Freezing Cured Hams:   Plan not to. Either as purchased or as leftovers cured meats don't last long in the freezer - 1 to 2 months max, and even then quality will suffer. Freezing should be considered an emergency option only. I have direct testimony from one who did freeze leftover ham and suffered the consequences (pretty much inedible). The reason for this is the salt - the ham is never truly frozen and is subject to rancidity.

Ham Storage
Type of HamRefrigeratedFrozen
"Country" Ham (whole)
- cut
- cooked
(room temp 1 year)
2 to 3 mos
7 days
1 mo

Cooking Dry Cure Hams - Step by Step

Start 1 to 2 days ahead. This recipe presumes an apple glazed ham (see Glazing), but other glazes and cooking liquids can be used as well, and of course the glaze can be omitted. You'll need a covered roasting pan for the main baking, and if you glaze you'll also need a shallow pan with rack.

  1. Scrub the mold off your ham and submerge it in cold water. Change the water after 4 hours, then one or more additional times as you soak for 1 to 2 days, depending on how much salt you need to leach out.
  2. Preheat oven to 325°F/160°C.
  3. Mix about 1/2 gallon of apple cider with 1 gallon of water.
  4. Place the ham in a deep coverable roasting pan fat side up (you'll turn it over 1/2 way through) and pour in enough of the water / cider mix to come up about 2-1/2 inches on the ham. Reserve the rest for replenishment.
  5. Optional: add to the liquid 10 slices of Ginger and 1 teaspoon of peppercorns.
  6. Cover and place in oven.
  7. Check liquid level every 1/2 hour or so and replenish as needed.
  8. At 1/2 the estimated baking time (figure full baking time at about 20 minutes per pound), pull out of the oven, turn over, and return to the oven, still covered.
  9. When the ham is done (155°F/68°F if uncooked, 135°F/57°C if fully cooked), pull it out of the oven.
  10. Turn the oven up to 400°F/200°C.
  11. Remove the skin and most of the fat. Place on a rack in a shallow roasting pan. Coat thoroughly with your glaze.
  12. Place back into oven and bake at 400°F/200°C for 20 to 30 minutes until the glaze is shiny and crisp.
  13. Remove from oven and set out on the counter and let stand at least 20 minutes before slicing. Actually, country ham is generally served cool or cold, and the longer it stands the easier it will be to slice.
  • Fat stripped from the ham can be used in place of bacon fat (and will probably be more flavorful). Be mindful whether you stripped it before or after baking (if before it will have to be cooked, but that's probably going to happen anyway in your recipe).
  • Bones - cover your bones and trimmings with cold water and bring to a simmer for a few hours for soup stock. Goes well mixed with pork stock if you have any of that in the freezer.
  • Skin - is edible as a tasty snack. If stripped before baking fry it lightly with some ham fat. If stripped after baking you'll probably have to steam it a bit to soften unless you like chewing tough things. It is also usable as an ingredient in recipes.

Glazing adds extra flavor and a crisp texture to the outer edge of ham slices. You can use a thin glaze and apply it all through the baking period or use a thick final glaze and baste with fruit juice during baking. Most glazing recipes call for brown sugar. I use Jaggery because I like the flavor and it's what I usually have on hand.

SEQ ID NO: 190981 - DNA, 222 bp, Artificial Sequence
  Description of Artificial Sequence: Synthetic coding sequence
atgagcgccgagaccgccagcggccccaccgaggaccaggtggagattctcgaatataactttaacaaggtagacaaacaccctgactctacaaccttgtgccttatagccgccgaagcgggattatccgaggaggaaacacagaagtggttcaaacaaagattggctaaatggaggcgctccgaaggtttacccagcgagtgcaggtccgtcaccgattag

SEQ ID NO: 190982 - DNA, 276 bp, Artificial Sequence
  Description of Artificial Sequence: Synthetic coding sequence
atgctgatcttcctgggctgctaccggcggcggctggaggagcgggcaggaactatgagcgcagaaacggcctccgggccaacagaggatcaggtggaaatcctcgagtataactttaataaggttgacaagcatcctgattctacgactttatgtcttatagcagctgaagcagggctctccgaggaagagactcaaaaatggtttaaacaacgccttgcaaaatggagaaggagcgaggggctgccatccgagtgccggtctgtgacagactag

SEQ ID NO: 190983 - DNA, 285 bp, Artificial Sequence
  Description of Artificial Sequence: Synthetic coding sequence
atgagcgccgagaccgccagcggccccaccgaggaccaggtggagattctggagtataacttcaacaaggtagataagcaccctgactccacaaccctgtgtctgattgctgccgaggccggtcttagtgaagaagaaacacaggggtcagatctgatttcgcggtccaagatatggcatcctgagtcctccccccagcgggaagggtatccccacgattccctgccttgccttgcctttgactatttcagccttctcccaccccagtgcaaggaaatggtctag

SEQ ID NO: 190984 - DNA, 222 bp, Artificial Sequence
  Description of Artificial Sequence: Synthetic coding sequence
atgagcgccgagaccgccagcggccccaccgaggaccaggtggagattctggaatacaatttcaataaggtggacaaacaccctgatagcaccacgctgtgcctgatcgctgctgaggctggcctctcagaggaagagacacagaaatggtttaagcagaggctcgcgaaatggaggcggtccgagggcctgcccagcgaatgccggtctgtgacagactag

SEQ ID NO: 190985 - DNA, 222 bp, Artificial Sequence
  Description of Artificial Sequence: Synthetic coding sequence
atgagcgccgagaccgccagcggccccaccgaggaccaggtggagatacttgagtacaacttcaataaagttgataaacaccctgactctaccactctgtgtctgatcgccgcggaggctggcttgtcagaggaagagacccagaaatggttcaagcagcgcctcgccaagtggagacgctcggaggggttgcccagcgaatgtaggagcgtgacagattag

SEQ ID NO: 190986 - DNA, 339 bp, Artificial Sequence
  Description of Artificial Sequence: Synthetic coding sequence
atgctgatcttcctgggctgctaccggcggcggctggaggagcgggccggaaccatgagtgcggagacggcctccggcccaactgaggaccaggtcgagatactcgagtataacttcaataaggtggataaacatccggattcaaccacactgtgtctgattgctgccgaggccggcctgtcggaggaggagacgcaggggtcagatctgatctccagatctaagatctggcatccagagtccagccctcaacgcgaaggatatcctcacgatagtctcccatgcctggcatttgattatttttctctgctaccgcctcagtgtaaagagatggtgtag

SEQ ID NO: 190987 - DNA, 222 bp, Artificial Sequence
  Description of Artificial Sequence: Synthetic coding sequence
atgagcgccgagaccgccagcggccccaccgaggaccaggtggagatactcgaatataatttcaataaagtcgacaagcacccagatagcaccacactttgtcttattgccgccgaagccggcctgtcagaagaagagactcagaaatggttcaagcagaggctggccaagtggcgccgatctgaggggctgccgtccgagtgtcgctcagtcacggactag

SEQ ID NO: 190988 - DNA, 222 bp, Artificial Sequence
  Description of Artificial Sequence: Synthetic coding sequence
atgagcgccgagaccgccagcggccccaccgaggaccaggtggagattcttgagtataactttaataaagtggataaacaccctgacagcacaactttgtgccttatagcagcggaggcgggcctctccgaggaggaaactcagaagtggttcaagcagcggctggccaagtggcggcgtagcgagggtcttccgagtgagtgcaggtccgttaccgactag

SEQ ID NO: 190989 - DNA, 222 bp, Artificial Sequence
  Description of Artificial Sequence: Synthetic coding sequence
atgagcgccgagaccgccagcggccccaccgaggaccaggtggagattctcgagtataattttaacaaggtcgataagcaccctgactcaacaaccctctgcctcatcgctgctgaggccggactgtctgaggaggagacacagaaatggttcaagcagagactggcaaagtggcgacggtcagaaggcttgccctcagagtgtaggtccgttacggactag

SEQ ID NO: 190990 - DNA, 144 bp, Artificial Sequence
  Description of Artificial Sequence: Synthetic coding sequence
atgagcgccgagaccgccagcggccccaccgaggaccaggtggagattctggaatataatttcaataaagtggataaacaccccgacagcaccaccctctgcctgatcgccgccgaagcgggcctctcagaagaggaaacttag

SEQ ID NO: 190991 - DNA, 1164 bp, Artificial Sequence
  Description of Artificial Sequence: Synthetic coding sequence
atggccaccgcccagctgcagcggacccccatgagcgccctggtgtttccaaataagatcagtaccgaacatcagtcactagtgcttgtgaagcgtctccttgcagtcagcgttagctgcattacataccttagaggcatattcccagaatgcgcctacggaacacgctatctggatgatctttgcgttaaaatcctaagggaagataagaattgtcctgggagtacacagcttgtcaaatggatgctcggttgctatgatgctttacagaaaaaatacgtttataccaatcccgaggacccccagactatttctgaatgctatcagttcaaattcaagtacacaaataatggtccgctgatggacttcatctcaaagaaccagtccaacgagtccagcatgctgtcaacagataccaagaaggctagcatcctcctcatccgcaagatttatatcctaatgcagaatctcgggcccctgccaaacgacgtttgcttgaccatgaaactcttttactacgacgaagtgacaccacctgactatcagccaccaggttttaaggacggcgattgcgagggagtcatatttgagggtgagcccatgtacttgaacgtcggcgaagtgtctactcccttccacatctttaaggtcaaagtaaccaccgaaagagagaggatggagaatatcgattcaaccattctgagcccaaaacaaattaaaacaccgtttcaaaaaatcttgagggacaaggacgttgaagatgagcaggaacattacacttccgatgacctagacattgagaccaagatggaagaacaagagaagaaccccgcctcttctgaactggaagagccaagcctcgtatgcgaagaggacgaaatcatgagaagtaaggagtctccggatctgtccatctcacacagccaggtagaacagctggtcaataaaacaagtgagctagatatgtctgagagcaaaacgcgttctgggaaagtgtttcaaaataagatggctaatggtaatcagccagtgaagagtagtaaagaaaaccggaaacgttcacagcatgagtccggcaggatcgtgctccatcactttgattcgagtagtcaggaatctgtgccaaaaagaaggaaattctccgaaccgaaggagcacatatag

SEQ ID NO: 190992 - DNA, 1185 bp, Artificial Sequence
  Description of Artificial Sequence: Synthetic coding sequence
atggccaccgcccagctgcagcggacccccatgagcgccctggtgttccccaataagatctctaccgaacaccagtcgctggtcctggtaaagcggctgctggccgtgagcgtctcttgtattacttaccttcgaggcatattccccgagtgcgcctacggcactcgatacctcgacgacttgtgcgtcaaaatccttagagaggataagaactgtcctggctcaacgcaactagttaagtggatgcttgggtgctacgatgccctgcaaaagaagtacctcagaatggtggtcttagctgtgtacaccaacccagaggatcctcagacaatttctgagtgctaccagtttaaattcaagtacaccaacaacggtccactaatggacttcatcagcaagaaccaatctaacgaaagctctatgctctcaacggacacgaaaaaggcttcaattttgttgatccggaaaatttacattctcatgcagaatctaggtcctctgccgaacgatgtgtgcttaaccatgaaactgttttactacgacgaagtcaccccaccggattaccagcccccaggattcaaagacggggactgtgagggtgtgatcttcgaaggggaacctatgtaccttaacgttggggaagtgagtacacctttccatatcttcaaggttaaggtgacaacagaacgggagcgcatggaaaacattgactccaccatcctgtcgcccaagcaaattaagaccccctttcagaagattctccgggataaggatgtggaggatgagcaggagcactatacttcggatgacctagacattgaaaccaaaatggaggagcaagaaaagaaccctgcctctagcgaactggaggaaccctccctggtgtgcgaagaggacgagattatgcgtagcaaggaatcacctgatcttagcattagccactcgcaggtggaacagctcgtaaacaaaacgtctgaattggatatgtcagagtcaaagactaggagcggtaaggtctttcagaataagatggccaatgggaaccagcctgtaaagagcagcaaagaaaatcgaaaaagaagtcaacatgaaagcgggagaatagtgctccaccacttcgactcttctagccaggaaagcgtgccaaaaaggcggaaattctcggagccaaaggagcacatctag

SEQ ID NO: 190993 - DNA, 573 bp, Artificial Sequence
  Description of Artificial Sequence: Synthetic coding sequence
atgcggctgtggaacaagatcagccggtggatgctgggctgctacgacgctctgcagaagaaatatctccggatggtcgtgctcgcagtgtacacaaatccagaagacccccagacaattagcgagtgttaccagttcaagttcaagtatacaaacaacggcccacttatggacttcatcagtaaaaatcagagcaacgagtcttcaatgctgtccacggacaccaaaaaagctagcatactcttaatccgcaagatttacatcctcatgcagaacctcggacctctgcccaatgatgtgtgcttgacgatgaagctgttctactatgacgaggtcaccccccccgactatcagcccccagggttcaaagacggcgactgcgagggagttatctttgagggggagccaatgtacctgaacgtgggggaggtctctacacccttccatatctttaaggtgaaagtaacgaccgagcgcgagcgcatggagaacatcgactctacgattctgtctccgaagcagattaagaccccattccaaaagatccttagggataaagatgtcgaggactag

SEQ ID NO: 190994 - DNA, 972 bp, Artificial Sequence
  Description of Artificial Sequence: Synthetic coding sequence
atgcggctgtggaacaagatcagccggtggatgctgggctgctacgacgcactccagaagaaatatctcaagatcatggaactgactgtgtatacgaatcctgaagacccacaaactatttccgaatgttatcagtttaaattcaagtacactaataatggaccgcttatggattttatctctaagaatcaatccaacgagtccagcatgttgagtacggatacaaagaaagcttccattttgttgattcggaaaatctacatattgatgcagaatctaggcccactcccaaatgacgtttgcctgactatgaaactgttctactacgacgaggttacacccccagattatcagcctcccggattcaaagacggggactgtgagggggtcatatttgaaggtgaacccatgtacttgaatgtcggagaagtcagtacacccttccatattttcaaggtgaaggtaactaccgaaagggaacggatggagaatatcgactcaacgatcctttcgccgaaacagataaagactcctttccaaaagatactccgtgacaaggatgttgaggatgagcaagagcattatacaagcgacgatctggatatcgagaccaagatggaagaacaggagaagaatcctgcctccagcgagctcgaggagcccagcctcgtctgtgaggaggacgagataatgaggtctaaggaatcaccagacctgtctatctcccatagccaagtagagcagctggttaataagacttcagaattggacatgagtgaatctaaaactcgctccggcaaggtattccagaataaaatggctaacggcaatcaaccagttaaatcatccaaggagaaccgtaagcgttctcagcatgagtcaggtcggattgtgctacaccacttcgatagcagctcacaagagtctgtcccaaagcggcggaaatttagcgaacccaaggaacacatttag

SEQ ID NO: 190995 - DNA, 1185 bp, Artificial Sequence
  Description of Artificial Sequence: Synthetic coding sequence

If you'll be using a thin glaze and basting with it through the entire baking process you must remove the skin, shave the fat to about 1/8" to 1/4" thick and score the fat into a diamond pattern before you start baking. You can also do this for the final glaze method if you want a pretty ham. It can be messy stripping skin and fat when the ham is almost done.

If you want to do a final glaze but your glaze seems too thin to adhere properly, you can mix in some bread crumbs. This is particularly done with country hams.

Along with the glaze step, many recipes call for studding the ham with cloves or pinning (with toothpicks) fruit slices or ginger slices to the outside of the ham. Others consider clove sticking too fussy but want the clove flavor so they just grind some up and mix into the glaze.

Apple Glaze
1 cup Applesauce
3/4 cup Brown Sugar
3 Tbsp Dijon Mustard
1 Tbsp Horseradish
Baste your ham with Apple Cider or Apple Juice
If desired, stud ham with cloves

Honey Glaze
1 cup Brown Sugar (packed)
1/2 cup Honey
2 Tbsp Dijon Mustard
Baste your ham with Apple Cider or Apple Juice
With 30 minutes to go
Stud with cloves if desired
Brush on glaze & return to oven
Continue basting with glaze until done.

Orange Glaze with Chipotle
3 cups Orange Juice
3/4 cup Brown Sugar (packed)
1 Chipotle Chile in Adobo
3/4 cup Triple Sec
Heat orange juice in saucepan and reduce to 2 cups
Stir in Brown Sugar until completely dissolved and a light syrup
Take off heat
Chop Chipotle fine and stir into glaze.
Stir in Triple Sec.
Use this glaze for basting every 20 minutes or so through baking.
Safety Tips

Cured hams aren't as bacteria prone as raw meats, turkeys and the like, but proper precautions are still necessary.

  • Do not use the same surfaces or utensils used for uncooked ham for cooked ham or any other food until they have been thoroughly cleaned. I clean with a disinfecting cleanser which releases some bacteria destroying bleach as you work with it.
  • Make sure hams that must be refrigerated stay below 40°F/4.4°C at all times.
  • Dry cure (country) hams do not need to be refrigerated until they are cut. Once cut they are vulnerable to mold and must be refrigerated and consumed within a few days.
  • You want to keep your cooking time as short as possible and your temperatures as low as possible to preserve flavor and juiciness, but "as low as possible" for uncooked or partially cooked hams is 160°F and 140°F for fully cooked hams. Below those temperatures is considered unsafe.
  • Store uncooked hams tightly wrapped and completely sealed so they can't drip any juices onto other food.
  • Refrigerate leftover ham as soon as possible, and if it is a lot, divide it so it chills quickly.
  • Ham shouldn't be frozen because that affects the texture and flavor. If you must freeze, keep in mind that the quality of cured meats degrades rapidly when frozen so the keep time is not as long as you might hope, just 1 to 2 months. It'll still be safe for a while longer but quality deteriorates quickly. In comparison, a fresh uncured ham will keep well frozen for 6 months or more.